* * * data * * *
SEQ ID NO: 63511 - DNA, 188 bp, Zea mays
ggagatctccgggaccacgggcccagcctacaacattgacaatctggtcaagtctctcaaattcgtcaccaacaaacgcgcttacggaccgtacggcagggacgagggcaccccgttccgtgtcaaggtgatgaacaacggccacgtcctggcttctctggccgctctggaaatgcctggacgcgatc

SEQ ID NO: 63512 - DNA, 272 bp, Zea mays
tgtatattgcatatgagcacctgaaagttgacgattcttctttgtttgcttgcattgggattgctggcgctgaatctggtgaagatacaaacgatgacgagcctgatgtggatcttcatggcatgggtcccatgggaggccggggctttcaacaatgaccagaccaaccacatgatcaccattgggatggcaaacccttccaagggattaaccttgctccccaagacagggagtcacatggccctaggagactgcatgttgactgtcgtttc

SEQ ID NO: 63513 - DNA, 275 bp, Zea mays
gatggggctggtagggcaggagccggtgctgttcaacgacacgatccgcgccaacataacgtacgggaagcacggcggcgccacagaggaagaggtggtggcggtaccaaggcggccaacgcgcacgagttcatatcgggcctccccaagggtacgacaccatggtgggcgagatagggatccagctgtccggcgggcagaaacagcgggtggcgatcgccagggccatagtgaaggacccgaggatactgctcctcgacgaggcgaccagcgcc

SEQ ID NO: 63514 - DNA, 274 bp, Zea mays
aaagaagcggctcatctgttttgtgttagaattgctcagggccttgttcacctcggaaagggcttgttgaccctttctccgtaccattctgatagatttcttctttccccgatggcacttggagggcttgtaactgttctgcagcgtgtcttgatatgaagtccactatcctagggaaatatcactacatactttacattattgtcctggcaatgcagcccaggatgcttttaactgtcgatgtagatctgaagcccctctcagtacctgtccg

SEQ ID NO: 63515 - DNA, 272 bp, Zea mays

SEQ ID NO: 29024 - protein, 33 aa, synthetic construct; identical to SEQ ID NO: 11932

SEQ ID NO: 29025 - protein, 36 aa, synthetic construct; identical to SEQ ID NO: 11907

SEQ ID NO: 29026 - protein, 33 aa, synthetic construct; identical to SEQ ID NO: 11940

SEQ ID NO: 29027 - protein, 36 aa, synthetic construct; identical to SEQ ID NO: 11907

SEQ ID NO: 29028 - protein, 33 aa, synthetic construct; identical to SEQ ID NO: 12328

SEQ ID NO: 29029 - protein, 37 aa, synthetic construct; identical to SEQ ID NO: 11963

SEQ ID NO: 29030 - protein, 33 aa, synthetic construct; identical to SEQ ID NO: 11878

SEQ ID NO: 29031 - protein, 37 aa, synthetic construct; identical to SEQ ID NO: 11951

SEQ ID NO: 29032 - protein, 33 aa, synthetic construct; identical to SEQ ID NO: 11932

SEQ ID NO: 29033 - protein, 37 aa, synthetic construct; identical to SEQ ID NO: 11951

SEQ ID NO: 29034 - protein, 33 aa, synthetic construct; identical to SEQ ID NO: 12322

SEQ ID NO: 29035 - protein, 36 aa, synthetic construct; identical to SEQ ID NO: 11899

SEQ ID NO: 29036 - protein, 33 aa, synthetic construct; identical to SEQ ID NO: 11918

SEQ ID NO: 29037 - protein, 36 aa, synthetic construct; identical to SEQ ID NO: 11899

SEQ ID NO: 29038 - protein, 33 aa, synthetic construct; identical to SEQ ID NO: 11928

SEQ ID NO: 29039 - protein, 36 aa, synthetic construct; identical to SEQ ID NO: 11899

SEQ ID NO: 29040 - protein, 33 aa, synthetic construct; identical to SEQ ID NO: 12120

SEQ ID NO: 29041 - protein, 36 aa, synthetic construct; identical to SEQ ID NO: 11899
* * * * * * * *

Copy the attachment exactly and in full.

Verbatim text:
SEQ ID NO: 63511 - DNA, 188 bp, Zea mays
ggagatctccgggaccacgggcccagcctacaacattgacaatctggtcaagtctctcaaattcgtcaccaacaaacgcgcttacggaccgtacggcagggacgagggcaccccgttccgtgtcaaggtgatgaacaacggccacgtcctggcttctctggccgctctggaaatgcctggacgcgatc

SEQ ID NO: 63512 - DNA, 272 bp, Zea mays
tgtatattgcatatgagcacctgaaagttgacgattcttctttgtttgcttgcattgggattgctggcgctgaatctggtgaagatacaaacgatgacgagcctgatgtggatcttcatggcatgggtcccatgggaggccggggctttcaacaatgaccagaccaaccacatgatcaccattgggatggcaaacccttccaagggattaaccttgctccccaagacagggagtcacatggccctaggagactgcatgttgactgtcgtttc

SEQ ID NO: 63513 - DNA, 275 bp, Zea mays
gatggggctggtagggcaggagccggtgctgttcaacgacacgatccgcgccaacataacgtacgggaagcacggcggcgccacagaggaagaggtggtggcggtaccaaggcggccaacgcgcacgagttcatatcgggcctccccaagggtacgacaccatggtgggcgagatagggatccagctgtccggcgggcagaaacagcgggtggcgatcgccagggccatagtgaaggacccgaggatactgctcctcgacgaggcgaccagcgcc

SEQ ID NO: 63514 - DNA, 274 bp, Zea mays
aaagaagcggctcatctgttttgtgttagaattgctcagggccttgttcacctcggaaagggcttgttgaccctttctccgtaccattctgatagatttcttctttccccgatggcacttggagggcttgtaactgttctgcagcgtgtcttgatatgaagtccactatcctagggaaatatcactacatactttacattattgtcctggcaatgcagcccaggatgcttttaactgtcgatgtagatctgaagcccctctcagtacctgtccg

SEQ ID NO: 63515 - DNA, 272 bp, Zea mays

SEQ ID NO: 29024 - protein, 33 aa, synthetic construct; identical to SEQ ID NO: 11932

SEQ ID NO: 29025 - protein, 36 aa, synthetic construct; identical to SEQ ID NO: 11907

SEQ ID NO: 29026 - protein, 33 aa, synthetic construct; identical to SEQ ID NO: 11940

SEQ ID NO: 29027 - protein, 36 aa, synthetic construct; identical to SEQ ID NO: 11907

SEQ ID NO: 29028 - protein, 33 aa, synthetic construct; identical to SEQ ID NO: 12328

SEQ ID NO: 29029 - protein, 37 aa, synthetic construct; identical to SEQ ID NO: 11963

SEQ ID NO: 29030 - protein, 33 aa, synthetic construct; identical to SEQ ID NO: 11878

SEQ ID NO: 29031 - protein, 37 aa, synthetic construct; identical to SEQ ID NO: 11951

SEQ ID NO: 29032 - protein, 33 aa, synthetic construct; identical to SEQ ID NO: 11932

SEQ ID NO: 29033 - protein, 37 aa, synthetic construct; identical to SEQ ID NO: 11951

SEQ ID NO: 29034 - protein, 33 aa, synthetic construct; identical to SEQ ID NO: 12322

SEQ ID NO: 29035 - protein, 36 aa, synthetic construct; identical to SEQ ID NO: 11899

SEQ ID NO: 29036 - protein, 33 aa, synthetic construct; identical to SEQ ID NO: 11918

SEQ ID NO: 29037 - protein, 36 aa, synthetic construct; identical to SEQ ID NO: 11899

SEQ ID NO: 29038 - protein, 33 aa, synthetic construct; identical to SEQ ID NO: 11928

SEQ ID NO: 29039 - protein, 36 aa, synthetic construct; identical to SEQ ID NO: 11899

SEQ ID NO: 29040 - protein, 33 aa, synthetic construct; identical to SEQ ID NO: 12120

SEQ ID NO: 29041 - protein, 36 aa, synthetic construct; identical to SEQ ID NO: 11899